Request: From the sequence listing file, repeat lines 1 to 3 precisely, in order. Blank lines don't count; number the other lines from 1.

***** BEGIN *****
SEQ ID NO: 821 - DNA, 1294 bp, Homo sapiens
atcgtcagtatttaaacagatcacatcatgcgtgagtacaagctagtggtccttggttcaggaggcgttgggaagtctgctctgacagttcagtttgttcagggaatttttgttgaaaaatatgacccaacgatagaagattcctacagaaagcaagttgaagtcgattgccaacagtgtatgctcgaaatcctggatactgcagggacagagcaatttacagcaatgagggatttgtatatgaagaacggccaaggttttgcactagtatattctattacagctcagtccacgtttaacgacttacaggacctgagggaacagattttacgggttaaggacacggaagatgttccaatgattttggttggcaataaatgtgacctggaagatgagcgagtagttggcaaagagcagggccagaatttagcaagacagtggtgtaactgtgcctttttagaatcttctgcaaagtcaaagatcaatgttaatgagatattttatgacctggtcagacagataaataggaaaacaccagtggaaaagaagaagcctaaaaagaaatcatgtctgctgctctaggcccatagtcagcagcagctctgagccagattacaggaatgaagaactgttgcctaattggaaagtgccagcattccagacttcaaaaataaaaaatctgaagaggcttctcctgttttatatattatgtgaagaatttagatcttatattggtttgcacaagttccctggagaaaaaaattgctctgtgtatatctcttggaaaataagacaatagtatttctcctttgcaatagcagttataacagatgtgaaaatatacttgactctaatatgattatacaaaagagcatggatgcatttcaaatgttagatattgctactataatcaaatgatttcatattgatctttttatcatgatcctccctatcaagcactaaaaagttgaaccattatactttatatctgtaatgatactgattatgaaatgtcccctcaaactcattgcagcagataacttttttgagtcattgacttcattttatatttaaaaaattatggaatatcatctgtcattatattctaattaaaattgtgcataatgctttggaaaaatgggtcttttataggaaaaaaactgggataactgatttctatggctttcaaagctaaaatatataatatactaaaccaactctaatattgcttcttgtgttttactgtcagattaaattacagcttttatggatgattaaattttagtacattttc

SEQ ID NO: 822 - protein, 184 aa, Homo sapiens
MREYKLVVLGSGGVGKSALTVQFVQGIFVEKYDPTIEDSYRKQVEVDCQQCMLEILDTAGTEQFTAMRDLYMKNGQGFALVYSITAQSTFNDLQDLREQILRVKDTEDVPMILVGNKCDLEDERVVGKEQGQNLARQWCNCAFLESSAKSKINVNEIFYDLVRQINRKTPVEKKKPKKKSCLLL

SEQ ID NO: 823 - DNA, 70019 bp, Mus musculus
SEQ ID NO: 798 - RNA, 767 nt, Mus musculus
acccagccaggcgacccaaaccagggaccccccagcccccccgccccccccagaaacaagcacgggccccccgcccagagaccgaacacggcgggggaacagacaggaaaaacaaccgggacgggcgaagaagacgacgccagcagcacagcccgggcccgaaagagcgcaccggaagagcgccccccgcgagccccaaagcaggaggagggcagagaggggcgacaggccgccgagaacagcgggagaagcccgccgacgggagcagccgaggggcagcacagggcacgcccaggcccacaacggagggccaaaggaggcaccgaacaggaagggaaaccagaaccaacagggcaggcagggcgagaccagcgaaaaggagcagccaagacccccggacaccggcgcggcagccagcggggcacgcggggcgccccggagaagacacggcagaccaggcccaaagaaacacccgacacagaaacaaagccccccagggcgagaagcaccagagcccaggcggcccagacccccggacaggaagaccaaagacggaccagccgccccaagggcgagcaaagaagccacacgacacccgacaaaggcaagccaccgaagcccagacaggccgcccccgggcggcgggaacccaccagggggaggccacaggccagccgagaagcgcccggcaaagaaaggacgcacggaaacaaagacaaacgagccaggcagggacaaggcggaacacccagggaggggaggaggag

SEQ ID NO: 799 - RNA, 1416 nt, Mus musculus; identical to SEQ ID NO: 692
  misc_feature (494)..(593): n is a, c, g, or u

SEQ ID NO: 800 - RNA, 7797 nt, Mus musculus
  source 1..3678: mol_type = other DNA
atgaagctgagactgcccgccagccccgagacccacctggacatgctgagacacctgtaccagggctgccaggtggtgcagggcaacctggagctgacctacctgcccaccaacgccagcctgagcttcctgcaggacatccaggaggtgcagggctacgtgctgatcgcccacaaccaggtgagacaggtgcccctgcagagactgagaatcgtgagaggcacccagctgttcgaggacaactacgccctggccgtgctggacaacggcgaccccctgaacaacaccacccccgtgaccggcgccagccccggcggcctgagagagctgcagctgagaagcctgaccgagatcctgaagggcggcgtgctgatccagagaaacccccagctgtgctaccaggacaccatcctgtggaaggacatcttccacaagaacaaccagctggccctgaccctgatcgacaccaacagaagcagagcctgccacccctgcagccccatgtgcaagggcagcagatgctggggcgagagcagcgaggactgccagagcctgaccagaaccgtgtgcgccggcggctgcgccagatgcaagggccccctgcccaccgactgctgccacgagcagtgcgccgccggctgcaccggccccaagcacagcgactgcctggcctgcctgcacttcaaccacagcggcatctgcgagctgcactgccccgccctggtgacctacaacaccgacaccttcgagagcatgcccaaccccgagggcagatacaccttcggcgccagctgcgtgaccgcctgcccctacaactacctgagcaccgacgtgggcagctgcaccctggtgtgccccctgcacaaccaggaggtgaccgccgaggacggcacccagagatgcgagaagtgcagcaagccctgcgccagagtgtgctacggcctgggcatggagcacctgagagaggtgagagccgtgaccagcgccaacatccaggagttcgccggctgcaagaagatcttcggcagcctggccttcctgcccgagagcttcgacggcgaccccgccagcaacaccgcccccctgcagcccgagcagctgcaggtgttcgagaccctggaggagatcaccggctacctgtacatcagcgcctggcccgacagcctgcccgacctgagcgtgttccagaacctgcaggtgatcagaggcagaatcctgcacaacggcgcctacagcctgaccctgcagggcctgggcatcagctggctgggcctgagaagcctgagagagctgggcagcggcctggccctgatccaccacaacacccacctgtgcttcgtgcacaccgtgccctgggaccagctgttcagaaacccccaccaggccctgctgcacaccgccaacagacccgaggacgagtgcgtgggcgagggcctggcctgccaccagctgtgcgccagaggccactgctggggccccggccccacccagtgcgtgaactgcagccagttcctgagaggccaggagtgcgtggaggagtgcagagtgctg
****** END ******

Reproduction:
SEQ ID NO: 821 - DNA, 1294 bp, Homo sapiens
atcgtcagtatttaaacagatcacatcatgcgtgagtacaagctagtggtccttggttcaggaggcgttgggaagtctgctctgacagttcagtttgttcagggaatttttgttgaaaaatatgacccaacgatagaagattcctacagaaagcaagttgaagtcgattgccaacagtgtatgctcgaaatcctggatactgcagggacagagcaatttacagcaatgagggatttgtatatgaagaacggccaaggttttgcactagtatattctattacagctcagtccacgtttaacgacttacaggacctgagggaacagattttacgggttaaggacacggaagatgttccaatgattttggttggcaataaatgtgacctggaagatgagcgagtagttggcaaagagcagggccagaatttagcaagacagtggtgtaactgtgcctttttagaatcttctgcaaagtcaaagatcaatgttaatgagatattttatgacctggtcagacagataaataggaaaacaccagtggaaaagaagaagcctaaaaagaaatcatgtctgctgctctaggcccatagtcagcagcagctctgagccagattacaggaatgaagaactgttgcctaattggaaagtgccagcattccagacttcaaaaataaaaaatctgaagaggcttctcctgttttatatattatgtgaagaatttagatcttatattggtttgcacaagttccctggagaaaaaaattgctctgtgtatatctcttggaaaataagacaatagtatttctcctttgcaatagcagttataacagatgtgaaaatatacttgactctaatatgattatacaaaagagcatggatgcatttcaaatgttagatattgctactataatcaaatgatttcatattgatctttttatcatgatcctccctatcaagcactaaaaagttgaaccattatactttatatctgtaatgatactgattatgaaatgtcccctcaaactcattgcagcagataacttttttgagtcattgacttcattttatatttaaaaaattatggaatatcatctgtcattatattctaattaaaattgtgcataatgctttggaaaaatgggtcttttataggaaaaaaactgggataactgatttctatggctttcaaagctaaaatatataatatactaaaccaactctaatattgcttcttgtgttttactgtcagattaaattacagcttttatggatgattaaattttagtacattttc

SEQ ID NO: 822 - protein, 184 aa, Homo sapiens